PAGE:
Bell is a Director of Content and a scout with Future Considerations. McTavish would end up with EHC Olten eventually so this is a good snapshot of what was considered for this poll. Bell specifically noted that Othmann has done well at finding spaces on offense for himself and others, which adds a dimension to his offensive game beyond his shot. Bell also thought his skating was making some improvements, which can only help given the pre-2020-21 assessment that Otten gave earlier. Unfortunately, there would be no OHL season to see how Othmann would stack up after his time from Olten.
“Another OHLer playing abroad, Othmann is proving his worth in the Swiss second level men’s league. Playing against men is a new and unique challenge but he has proven up to it. In a span of about 20 months, Othmann went from playing with the Don Mill Flyers to Flint with the Firebird to Switzerland playing against men. That unique journey has allowed him to continually add to his game and develop a well rounded game. He is known for his slick playmaking and excellent shot but he has added a level of physicality in Switzerland that will present a new challenge for opposing OHL teams when he gets back to the Firebirds.” - Tony Ferarri
Ferrari is the Director of North American Scouting for Dobber Prospects. Like Bell, he has made the effort to see how he has done in Switzerland so far. Like Bell, he has included praise for his offensive skills. While Ferrari does not mention anything about his skating, he did specifically mention his physical game. Othmann is not a big man, but one does not need to be big to play physical (or dirty). That may explain the relatively large number of penalty minutes he took with Olten.
I would recommend reading the other quotes, but they do align with Otten’s preliminary statements about Othmann: skating needs work, but he can shoot, he can attack, and he can perform off the puck. Incidentally, Othmann ended up ahead of Pinelli and Chayka in the media/scout poll. Otten just finished his list of the Top 50 OHL prospects for the 2021 NHL Draft. Othmann finished third in Otten’s eyes as well, an improvement from fifth from earlier in the campaign. Here is a snippet from Otten’s explanation of the ranking:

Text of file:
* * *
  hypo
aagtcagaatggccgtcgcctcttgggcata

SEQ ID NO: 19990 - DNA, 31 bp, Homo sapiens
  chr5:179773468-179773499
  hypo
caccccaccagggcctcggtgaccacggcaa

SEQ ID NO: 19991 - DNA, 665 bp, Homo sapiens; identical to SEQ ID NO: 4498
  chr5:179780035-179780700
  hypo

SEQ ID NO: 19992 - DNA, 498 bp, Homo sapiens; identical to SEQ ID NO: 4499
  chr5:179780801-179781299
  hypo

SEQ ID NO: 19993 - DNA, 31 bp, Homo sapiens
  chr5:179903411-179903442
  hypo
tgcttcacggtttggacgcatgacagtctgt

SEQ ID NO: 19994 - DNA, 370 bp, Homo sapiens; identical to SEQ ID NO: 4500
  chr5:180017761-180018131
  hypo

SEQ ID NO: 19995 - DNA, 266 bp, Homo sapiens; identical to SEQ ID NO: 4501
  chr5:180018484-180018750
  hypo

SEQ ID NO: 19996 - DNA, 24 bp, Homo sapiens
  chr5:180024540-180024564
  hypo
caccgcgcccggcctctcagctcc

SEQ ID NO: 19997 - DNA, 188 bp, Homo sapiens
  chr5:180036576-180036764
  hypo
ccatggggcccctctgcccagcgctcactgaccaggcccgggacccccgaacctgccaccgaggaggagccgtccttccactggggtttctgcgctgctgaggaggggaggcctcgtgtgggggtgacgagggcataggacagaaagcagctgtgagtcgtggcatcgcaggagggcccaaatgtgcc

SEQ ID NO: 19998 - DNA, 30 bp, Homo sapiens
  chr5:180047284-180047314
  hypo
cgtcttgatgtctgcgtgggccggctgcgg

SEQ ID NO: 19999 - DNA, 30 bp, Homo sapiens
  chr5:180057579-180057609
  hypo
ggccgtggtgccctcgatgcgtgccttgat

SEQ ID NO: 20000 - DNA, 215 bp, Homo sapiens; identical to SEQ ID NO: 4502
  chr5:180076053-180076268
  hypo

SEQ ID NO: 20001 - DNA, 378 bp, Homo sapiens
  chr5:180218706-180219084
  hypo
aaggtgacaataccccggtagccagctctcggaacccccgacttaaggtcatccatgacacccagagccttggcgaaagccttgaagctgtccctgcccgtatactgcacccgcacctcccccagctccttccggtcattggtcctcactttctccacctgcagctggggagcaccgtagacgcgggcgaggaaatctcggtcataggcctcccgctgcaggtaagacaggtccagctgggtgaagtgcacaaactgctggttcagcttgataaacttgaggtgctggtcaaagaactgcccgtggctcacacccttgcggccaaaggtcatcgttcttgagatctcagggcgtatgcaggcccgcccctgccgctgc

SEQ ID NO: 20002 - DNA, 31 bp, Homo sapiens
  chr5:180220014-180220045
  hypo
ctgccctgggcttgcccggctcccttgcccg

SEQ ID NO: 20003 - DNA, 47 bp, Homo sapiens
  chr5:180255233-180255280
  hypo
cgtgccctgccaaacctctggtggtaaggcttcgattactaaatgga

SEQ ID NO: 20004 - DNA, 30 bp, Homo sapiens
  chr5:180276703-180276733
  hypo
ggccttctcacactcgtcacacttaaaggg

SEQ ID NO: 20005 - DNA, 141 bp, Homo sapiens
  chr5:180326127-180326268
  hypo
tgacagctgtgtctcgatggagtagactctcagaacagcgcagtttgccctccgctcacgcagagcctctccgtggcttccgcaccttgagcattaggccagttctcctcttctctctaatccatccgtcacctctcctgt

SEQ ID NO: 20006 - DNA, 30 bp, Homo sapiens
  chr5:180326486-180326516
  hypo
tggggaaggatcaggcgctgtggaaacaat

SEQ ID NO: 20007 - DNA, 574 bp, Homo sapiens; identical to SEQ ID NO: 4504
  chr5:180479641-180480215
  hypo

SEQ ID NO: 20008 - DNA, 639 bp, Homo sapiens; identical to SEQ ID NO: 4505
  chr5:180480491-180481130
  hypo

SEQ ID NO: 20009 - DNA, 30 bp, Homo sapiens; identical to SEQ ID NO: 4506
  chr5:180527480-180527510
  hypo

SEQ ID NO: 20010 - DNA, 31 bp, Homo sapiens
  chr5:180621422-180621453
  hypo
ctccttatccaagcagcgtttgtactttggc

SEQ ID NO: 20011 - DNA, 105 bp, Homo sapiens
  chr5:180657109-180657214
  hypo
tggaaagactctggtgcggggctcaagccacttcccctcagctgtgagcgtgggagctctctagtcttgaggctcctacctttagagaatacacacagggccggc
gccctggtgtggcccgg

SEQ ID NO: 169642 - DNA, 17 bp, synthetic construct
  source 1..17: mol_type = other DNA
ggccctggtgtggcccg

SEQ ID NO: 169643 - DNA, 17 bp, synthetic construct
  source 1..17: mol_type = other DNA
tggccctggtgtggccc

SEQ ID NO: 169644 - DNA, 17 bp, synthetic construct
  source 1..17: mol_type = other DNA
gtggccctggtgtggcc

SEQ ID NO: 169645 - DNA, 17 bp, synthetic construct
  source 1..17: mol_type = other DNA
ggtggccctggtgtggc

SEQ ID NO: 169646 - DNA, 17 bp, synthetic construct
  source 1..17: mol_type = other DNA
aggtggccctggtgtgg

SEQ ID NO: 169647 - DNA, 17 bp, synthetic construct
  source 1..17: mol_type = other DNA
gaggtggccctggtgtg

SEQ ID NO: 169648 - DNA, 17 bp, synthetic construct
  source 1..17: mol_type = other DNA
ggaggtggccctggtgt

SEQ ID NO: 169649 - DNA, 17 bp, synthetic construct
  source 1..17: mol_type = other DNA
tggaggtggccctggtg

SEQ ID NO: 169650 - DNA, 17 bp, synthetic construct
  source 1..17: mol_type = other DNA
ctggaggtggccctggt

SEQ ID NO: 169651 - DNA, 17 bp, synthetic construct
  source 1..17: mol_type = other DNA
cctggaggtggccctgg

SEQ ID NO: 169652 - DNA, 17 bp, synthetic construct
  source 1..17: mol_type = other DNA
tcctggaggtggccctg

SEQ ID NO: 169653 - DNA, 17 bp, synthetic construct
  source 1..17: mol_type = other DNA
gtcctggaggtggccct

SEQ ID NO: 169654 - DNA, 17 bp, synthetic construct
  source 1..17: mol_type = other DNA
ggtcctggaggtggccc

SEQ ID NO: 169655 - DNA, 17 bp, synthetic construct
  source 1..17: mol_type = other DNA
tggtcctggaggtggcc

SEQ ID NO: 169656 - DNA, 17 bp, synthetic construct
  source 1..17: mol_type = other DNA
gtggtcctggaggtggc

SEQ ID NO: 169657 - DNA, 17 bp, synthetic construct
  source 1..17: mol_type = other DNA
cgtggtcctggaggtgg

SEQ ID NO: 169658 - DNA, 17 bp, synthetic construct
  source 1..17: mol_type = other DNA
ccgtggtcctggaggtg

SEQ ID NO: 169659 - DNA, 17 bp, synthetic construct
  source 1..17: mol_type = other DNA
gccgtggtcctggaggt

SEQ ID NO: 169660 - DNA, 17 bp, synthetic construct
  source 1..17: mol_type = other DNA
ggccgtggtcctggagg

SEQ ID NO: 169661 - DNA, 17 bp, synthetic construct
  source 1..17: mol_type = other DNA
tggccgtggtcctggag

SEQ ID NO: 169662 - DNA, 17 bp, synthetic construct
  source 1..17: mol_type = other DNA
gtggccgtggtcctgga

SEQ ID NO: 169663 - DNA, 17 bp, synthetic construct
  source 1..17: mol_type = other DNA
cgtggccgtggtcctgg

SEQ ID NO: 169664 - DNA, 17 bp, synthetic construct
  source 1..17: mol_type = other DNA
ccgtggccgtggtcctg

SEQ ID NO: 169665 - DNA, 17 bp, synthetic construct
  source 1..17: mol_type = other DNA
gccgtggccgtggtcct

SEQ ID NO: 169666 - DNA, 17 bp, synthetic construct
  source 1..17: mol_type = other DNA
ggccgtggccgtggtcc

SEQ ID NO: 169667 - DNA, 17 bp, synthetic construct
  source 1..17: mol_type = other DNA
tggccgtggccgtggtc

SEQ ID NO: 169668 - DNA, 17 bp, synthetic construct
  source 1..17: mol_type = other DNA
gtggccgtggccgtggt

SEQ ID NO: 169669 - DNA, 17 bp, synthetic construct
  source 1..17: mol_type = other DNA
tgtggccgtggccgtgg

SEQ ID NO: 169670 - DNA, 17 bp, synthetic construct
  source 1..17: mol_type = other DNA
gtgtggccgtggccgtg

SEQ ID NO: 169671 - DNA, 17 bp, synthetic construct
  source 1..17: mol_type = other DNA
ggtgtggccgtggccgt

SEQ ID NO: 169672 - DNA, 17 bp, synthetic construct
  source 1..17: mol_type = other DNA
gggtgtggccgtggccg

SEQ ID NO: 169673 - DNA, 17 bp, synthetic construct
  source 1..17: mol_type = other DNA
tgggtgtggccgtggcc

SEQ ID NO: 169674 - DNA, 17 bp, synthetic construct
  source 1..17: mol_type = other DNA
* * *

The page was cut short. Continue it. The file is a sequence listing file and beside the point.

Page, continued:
This is my kind of winger. I think his shot is a major weapon and can even be developed further. He has that touch and the hands to use a one timer when working that half wall area on the powerplay not unlike Steve Stamkos or Alex Ovechkin. However, Othmann also has an excellent wrist shot, which he disguises well and releases quickly. Othmann is also a physical player and someone who prides himself on being difficult to match up against. He is, by very definition, a power winger. Additionally, Othmann projects as a capable two-way player who can play in any situation.
The area of Othmann’s game that does seem to be most criticized is his skating. He’s never going to be an elite NHL mover, but I think the concerns are overblown. It is obvious that he has worked hard on improving his explosiveness and his ability to build speed (much like Mason McTavish). This was something that I really looked closely at in his U18 appearances and not once did I notice him behind the play or unable to find space because of his feet.
Othmann certainly left a strong final impression in 2020-21 and it appeared his time with Olten was beneficial. The World U-18s are worth specifying for a bit. Again, he was on a top line for Canada at the World Under-18 Championships and certainly stood out in the Gold Medal final against Russia. Steve Kournianos recapped the tournament and highlighted who he felt were standout 2021 prospects. Othmann was one of them. Here is a bit from his review at The Draft Analyst: